While I certainly doubt this card will survive into the post Innestrad Standard environment the current "gold seal" ramp card in the format is probably Lotus Cobra.  While it's true that green/black is hardly the most synergistic combination the inclusion of 4x Verdant Catacombs, 4x Evolving Wilds, 2x Misty Rainforests and 2x Marsh Flats should make for a reasonably smooth mana base if you're running Cobras as part of your ramp strategy.  Other possibilities that work well with your snakes include Explore, Harrow and to a lesser (although safer) degree Cultivate.  I would also be tempted to try a couple copies of Garruk in the build but I've always had a serious crush on the mono-green Planeswalker so that's hardly a shocker.  Fauna Shaman might also be a natural inclusion in a Sheoldred deck simply so you can avoid running more than 1-2 copies of your Legendary creature and go fish it up when you're ready to cast it.  I've never been sold on the value of Bloodghast outside of a Vampires deck but it does have decent synergy with Fauna Shaman in a deck running 12 "crack"-lands so that's likely worth exploring as well.  In terms of early disruption it's probably pretty easy to mash together some combination of Despise (New Phyrexia), Go for the Throat and Inquisition of Kozilek without burning away too many spots.  Finally you'll want to run a number of 1 of "toolbox" type finishing creatures; both so you'll have something to resurrect with Sheoldred and because Fauna Shaman can tutor the up easily.  Green cards that spring to mind include Thrun, Acidic Slime, Avenger of Zendikar and or possibly Gaea's Revenge.  Black cards you might want to tutor for include Skinrender, Grave Titan, Vampire Hexmage and if you're a sucker for win conditions that also kill things like I am Drana, Kalastria Bloodchief.  Naturally these are just ideas off the top of my head but it's certainly pretty easy to see how a g/b deck built around Sheoldred could take shape in the post New Phyrexia environment.  There are now doubt an absolutely *huge* number of cards I've forgotten that could work well in such a build and I look forward to having my face smashed in by the best of them once Sheoldred becomes legal.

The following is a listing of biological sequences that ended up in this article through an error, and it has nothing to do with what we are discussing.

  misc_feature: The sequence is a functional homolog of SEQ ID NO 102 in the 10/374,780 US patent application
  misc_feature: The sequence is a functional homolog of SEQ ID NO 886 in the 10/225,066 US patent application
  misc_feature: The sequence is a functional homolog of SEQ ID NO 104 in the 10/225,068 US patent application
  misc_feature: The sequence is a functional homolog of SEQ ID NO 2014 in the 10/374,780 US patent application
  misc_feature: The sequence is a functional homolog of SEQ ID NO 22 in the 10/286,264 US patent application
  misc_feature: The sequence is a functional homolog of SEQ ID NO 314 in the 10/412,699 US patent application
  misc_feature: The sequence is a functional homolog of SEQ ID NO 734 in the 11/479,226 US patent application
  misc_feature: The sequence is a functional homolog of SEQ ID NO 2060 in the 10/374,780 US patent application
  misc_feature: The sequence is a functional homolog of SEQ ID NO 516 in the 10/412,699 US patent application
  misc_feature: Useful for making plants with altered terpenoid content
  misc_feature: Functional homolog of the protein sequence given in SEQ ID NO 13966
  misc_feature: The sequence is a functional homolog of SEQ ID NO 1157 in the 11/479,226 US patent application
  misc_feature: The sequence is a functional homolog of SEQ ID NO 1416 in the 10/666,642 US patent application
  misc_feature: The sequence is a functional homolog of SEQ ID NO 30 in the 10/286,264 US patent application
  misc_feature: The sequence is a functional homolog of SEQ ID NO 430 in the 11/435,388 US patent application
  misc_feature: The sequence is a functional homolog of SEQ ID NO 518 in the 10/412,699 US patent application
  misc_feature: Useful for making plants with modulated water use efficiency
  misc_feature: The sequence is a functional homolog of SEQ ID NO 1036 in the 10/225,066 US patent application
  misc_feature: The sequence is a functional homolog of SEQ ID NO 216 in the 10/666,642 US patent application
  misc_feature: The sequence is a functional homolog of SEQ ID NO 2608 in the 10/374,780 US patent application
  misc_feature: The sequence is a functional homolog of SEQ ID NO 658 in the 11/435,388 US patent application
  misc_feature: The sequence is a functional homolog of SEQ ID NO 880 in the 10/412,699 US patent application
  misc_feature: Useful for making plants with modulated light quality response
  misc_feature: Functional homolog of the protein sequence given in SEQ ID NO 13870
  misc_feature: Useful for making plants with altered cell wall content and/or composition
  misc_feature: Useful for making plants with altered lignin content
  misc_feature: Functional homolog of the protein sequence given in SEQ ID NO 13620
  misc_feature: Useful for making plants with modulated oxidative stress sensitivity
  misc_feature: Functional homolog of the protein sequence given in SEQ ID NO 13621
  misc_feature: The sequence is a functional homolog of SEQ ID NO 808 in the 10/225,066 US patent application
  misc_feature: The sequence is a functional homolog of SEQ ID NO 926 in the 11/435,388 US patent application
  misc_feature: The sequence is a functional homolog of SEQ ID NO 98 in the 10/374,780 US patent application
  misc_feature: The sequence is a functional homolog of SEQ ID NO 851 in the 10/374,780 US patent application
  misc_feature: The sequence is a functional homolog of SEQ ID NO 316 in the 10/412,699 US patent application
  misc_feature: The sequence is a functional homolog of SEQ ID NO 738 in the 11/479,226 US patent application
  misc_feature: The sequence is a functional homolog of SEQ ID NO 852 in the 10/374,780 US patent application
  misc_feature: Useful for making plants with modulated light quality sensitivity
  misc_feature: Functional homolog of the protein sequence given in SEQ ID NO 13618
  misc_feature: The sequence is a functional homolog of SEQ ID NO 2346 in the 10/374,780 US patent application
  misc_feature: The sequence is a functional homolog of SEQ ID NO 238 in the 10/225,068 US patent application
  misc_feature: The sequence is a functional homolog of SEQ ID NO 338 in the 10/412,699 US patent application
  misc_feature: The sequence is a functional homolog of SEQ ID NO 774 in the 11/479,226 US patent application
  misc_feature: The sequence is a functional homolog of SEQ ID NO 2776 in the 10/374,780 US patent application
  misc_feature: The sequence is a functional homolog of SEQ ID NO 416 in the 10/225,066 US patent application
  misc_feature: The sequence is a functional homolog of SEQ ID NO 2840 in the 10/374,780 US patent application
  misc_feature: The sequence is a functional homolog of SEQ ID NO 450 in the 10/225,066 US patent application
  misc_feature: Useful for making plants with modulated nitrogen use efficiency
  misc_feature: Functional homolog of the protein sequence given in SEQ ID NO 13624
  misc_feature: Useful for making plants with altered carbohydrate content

Well folks there you have it; a quick look at one of my favorite cards from New Phyrexia.  While some (most?) will call me crazy I truly believe that at some point this card is going to carve it's own way into the Metagame and the results with be both brutal and beautiful at the same time.  Agree?  Disagree?  As always leave your thoughts in the comments and once again thanks for reading.  Until next time always remember that "too expensive" is in the mind of the buyer and sometimes it's all about "going big" with a giant freaking Praetor.  Keep it weird gang.




  1. Despise is just great for current standard. I know I am looking forward to throw down someone's Titan on turn 1 abd exile it and I think Sheoldred is a female.

  2. I think when you look at Sheo, you really need to compare her to the titans. The titans trigger happens as long as it resolves, and Sheo's sac effect doesn't. Sure, if you have it in play and your opponent passes the turn, you have the win, but you can say that for any titan. If you want to play toolbox, we already have the cheaper Sun Titan, and if you want the removal, Inferno Titan is there too. If you want a consistent sea of dudes, Grave Titan is there to back you up with a 2-turn kill. You say that the difference between 6 and 7 CMC isn't much, but in fact it's huge. Lotus Cobra +explore is all it takes to get to 6 mana on turn three. To get to seven, you have to have multiple cobras/explores. If you're playing a deck that ramps into bombs, you either need to get there on T3 like RUG does or you need to be playing Ulamog/Emrakul and resolve them by T4.